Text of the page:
05:34
And so you're going to see in the demo that this will actually divulge all of the contents of the user's table.
05:44
Now, command injection is of a similar nature, but this usually occurs due to the immediate execution of arguments received.
05:55
This is where we receive something either a targ subzero arcs of one etcetera.
06:01
And we just immediately passed that perimeter into our executive command or eggs ical function. The problem is that
06:13
maliciously, an attacker could place a command that will allow the attacker
06:21
to have escalated privilege on the on the actual machine where
06:28
the command is being executed.
06:31
Now the case study is on Sony PlayStation.
06:35
Sony, of course, was hacked in this instance back in 2011
06:41
and the rumor has it that they were actually owned by a version of the one equals one sequel, Injection Attack.
06:51
And so you can read more about the history of that at the link below.
06:57
Now for the sample code, we're going to take a look at
07:01
one of the CERT standards, and
07:05
because injection is just so large, it's such a very, very large category.
07:14
It's difficult to focus on any one particular type of injection,
07:19
so we're going to just stick with looking at the receiving of untrusted data and how we can protect our application from that data.
07:30
So in this example, we have
07:32
exclude unsanitized user input from format strings.
07:39
Now, without reading to you the fine print of this particular rule
07:44
we basically have in the package. In class of Java I au Prince stream to formatting methods format in print, F
07:56
now realize that system out and system air our print stream objects that air very commonly used across Java applications.
08:07
The point here is that If untrusted data is incorporated into a format string, it can actually result in information leakage. We're going to see an example of that in a moment.
08:20
Inflict validation needs to be added in our code in order to ensure that we are
08:26
Onley, receiving acceptable values and not interested data.
08:31
So let's take a look at an example.
08:33
So if we take a look at our sample code here,
08:37
this is a non compliant code example that can leak information about the user's credit card specifically about the expiration date in this particular code snippet.
08:52
Now let's go ahead and take a look at the code.
08:54
So we have this class format and inside, we have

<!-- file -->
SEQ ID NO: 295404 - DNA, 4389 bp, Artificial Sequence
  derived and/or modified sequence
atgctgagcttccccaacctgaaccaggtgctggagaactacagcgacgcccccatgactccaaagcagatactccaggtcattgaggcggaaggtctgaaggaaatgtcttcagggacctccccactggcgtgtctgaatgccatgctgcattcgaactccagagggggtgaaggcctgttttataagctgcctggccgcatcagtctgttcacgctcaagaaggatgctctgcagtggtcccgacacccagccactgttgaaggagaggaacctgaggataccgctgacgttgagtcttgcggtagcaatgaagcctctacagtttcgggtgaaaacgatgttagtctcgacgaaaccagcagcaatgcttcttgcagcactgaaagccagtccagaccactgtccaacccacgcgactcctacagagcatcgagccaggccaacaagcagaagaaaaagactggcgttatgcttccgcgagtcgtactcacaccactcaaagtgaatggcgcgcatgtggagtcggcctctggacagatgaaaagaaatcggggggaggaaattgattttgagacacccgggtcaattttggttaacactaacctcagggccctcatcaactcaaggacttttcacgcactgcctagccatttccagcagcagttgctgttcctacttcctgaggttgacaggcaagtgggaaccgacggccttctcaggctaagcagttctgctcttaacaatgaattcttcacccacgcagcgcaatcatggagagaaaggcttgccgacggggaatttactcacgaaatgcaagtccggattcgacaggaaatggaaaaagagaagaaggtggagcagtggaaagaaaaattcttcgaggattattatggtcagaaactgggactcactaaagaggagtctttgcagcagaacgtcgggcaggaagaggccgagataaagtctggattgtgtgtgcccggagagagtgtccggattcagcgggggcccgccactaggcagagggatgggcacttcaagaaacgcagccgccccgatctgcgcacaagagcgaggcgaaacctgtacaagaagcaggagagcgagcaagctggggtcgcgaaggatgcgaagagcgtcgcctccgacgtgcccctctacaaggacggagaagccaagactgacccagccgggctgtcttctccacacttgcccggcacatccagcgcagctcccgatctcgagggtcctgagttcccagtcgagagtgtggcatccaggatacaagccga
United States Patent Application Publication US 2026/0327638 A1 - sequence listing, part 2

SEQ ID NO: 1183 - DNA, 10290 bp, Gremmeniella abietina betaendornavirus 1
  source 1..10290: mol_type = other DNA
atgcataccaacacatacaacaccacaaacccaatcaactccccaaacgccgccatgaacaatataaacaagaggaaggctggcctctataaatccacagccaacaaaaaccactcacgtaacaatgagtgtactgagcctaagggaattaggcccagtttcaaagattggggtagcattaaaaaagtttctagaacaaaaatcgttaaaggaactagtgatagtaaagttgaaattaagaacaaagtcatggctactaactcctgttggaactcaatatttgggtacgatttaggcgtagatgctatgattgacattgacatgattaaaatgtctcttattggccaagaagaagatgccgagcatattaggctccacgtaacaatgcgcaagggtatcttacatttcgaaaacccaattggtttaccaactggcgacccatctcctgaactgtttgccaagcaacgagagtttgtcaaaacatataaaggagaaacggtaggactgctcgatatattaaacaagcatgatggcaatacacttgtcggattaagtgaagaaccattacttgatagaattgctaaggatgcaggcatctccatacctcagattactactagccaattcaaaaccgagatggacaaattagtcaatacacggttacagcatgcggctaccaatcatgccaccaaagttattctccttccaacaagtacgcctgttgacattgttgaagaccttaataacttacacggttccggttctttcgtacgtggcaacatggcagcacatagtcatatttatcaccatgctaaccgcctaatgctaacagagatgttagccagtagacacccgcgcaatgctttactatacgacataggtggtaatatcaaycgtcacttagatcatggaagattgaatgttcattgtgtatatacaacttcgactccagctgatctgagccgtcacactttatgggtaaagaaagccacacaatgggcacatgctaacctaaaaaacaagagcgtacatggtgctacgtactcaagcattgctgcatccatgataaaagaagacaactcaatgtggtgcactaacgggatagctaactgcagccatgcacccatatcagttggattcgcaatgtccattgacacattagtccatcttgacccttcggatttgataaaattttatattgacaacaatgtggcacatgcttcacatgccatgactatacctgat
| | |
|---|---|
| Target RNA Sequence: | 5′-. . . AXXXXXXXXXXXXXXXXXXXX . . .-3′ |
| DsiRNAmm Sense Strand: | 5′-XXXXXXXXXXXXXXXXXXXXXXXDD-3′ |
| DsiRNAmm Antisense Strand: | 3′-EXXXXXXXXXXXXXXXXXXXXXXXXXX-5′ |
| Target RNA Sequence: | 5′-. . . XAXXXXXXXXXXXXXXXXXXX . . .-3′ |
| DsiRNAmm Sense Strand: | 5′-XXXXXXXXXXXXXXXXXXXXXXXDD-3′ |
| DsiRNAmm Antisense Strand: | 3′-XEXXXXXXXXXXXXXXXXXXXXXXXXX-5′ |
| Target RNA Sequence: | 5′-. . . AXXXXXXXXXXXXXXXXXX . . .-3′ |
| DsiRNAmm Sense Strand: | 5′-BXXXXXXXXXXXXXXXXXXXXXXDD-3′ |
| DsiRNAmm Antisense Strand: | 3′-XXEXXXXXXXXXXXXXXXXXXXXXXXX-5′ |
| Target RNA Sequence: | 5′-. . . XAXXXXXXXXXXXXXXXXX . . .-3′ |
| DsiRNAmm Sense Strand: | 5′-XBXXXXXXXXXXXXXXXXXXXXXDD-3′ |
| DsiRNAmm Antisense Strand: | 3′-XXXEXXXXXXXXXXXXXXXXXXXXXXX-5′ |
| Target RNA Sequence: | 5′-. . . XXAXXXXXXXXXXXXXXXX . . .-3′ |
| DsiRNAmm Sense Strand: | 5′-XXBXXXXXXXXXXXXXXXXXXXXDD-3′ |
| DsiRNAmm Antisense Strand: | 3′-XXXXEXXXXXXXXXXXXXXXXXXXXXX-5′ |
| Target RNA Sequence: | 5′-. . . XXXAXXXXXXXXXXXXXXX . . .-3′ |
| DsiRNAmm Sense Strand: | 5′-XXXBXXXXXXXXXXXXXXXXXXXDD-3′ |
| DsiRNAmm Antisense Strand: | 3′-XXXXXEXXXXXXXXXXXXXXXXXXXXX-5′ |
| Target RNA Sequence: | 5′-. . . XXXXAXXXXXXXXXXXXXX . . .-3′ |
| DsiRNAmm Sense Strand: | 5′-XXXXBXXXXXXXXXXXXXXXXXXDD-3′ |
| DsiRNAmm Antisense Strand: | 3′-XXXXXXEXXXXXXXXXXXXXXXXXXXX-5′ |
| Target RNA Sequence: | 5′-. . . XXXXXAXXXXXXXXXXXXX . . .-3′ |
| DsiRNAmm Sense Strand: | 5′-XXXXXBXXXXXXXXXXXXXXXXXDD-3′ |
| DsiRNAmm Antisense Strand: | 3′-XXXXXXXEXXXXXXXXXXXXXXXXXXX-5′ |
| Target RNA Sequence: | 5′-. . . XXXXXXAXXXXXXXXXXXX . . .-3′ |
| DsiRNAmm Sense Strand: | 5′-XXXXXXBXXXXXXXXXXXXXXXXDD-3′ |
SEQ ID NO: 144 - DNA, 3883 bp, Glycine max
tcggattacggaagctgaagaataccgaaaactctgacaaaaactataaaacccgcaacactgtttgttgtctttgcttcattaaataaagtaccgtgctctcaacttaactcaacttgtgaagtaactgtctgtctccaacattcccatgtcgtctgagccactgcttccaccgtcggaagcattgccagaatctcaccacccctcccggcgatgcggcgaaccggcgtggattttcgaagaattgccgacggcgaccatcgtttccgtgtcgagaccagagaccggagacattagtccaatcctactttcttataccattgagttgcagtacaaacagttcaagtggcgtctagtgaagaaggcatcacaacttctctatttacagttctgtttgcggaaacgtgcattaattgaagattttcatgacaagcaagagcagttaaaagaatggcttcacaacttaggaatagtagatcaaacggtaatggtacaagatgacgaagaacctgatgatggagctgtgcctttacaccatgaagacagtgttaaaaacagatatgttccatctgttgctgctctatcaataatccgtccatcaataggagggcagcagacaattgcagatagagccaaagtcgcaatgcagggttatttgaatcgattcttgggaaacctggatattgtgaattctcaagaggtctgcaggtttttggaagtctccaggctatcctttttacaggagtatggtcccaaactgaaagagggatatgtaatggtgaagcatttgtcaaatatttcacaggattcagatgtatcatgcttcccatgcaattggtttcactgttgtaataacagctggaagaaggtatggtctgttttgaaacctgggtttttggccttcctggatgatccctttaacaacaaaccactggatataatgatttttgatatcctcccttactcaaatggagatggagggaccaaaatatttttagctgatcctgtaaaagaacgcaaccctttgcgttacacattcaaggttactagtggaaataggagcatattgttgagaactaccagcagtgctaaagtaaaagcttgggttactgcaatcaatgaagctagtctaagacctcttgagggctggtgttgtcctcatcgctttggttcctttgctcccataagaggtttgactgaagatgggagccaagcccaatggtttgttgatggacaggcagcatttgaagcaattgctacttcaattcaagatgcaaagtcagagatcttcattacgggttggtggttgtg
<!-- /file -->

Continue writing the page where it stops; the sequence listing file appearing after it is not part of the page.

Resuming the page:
09:00
a static instance of the Gregorian calendar. Now what's being simulated in this state is theatrical expiration date,
09:11
and so
09:11
there's a receiving in of parameters at Argus sub zero,
09:18
and whatever is received in is actually being compared to this date.
09:24
So in the main method,
09:26
it says, the are subzero should contain the credit card expiration date, but it might contain percentage $1 sign.
09:37
This is the month,
09:37
the day or the year format. Specify IRS,
09:43
and if that's the case we run into information leakage.
09:48
Now here we have our system out. Remember, that's our prints. Stream class. That's an instance of the prince stream class
09:56
and there is thief format method that we were warned about.
10:01
Now what it's displaying out is whatever is received in the arts sub zero
10:09
parameter.
10:11
And the problem with that
10:13
is that the attacker could supply the percent $1 sign tm
10:20
for that argument parameter
10:24
and if so, it will actually display what we have being stored for our month. So in order to address this problem, what we need to do is exclude any untrusted user input from that format string.
10:41
And although our subzero still may contain some sort of attack or some sort of payload with a format specify WR
10:52
because we're no longer allowing the display of arc subzero
10:58
it, we basically render that payload attack is being inert.
11:03
Okay, so we have the same code here,
11:07
but the only thing we've changed is now in that format method of our system out.
11:13
We on Lee display percent s,
11:16
So whatever gets passed into our subzero
11:22
is actually then displayed via the percent s format
11:28
instead of being displayed directly as whatever was presented
11:35
in this parameter.
11:37
And so even if our attacker were to supply something
11:41
that would cause information leakage, such is this percentage $1 sign month.
11:48
The result would just echo back that exact
11:54
exact same value instead of leaking the month as it did before.

Up Next

Secure Coding

In the Secure Coding training course, Sunny Wear will show you how secure coding is important when it comes to lowering risk and vulnerabilities. Learn about XSS, Direct Object Reference, Data Exposure, Buffer Overflows, & Resource Management.

Instructed By

Instructor Profile Image
Sunny Wear
Instructor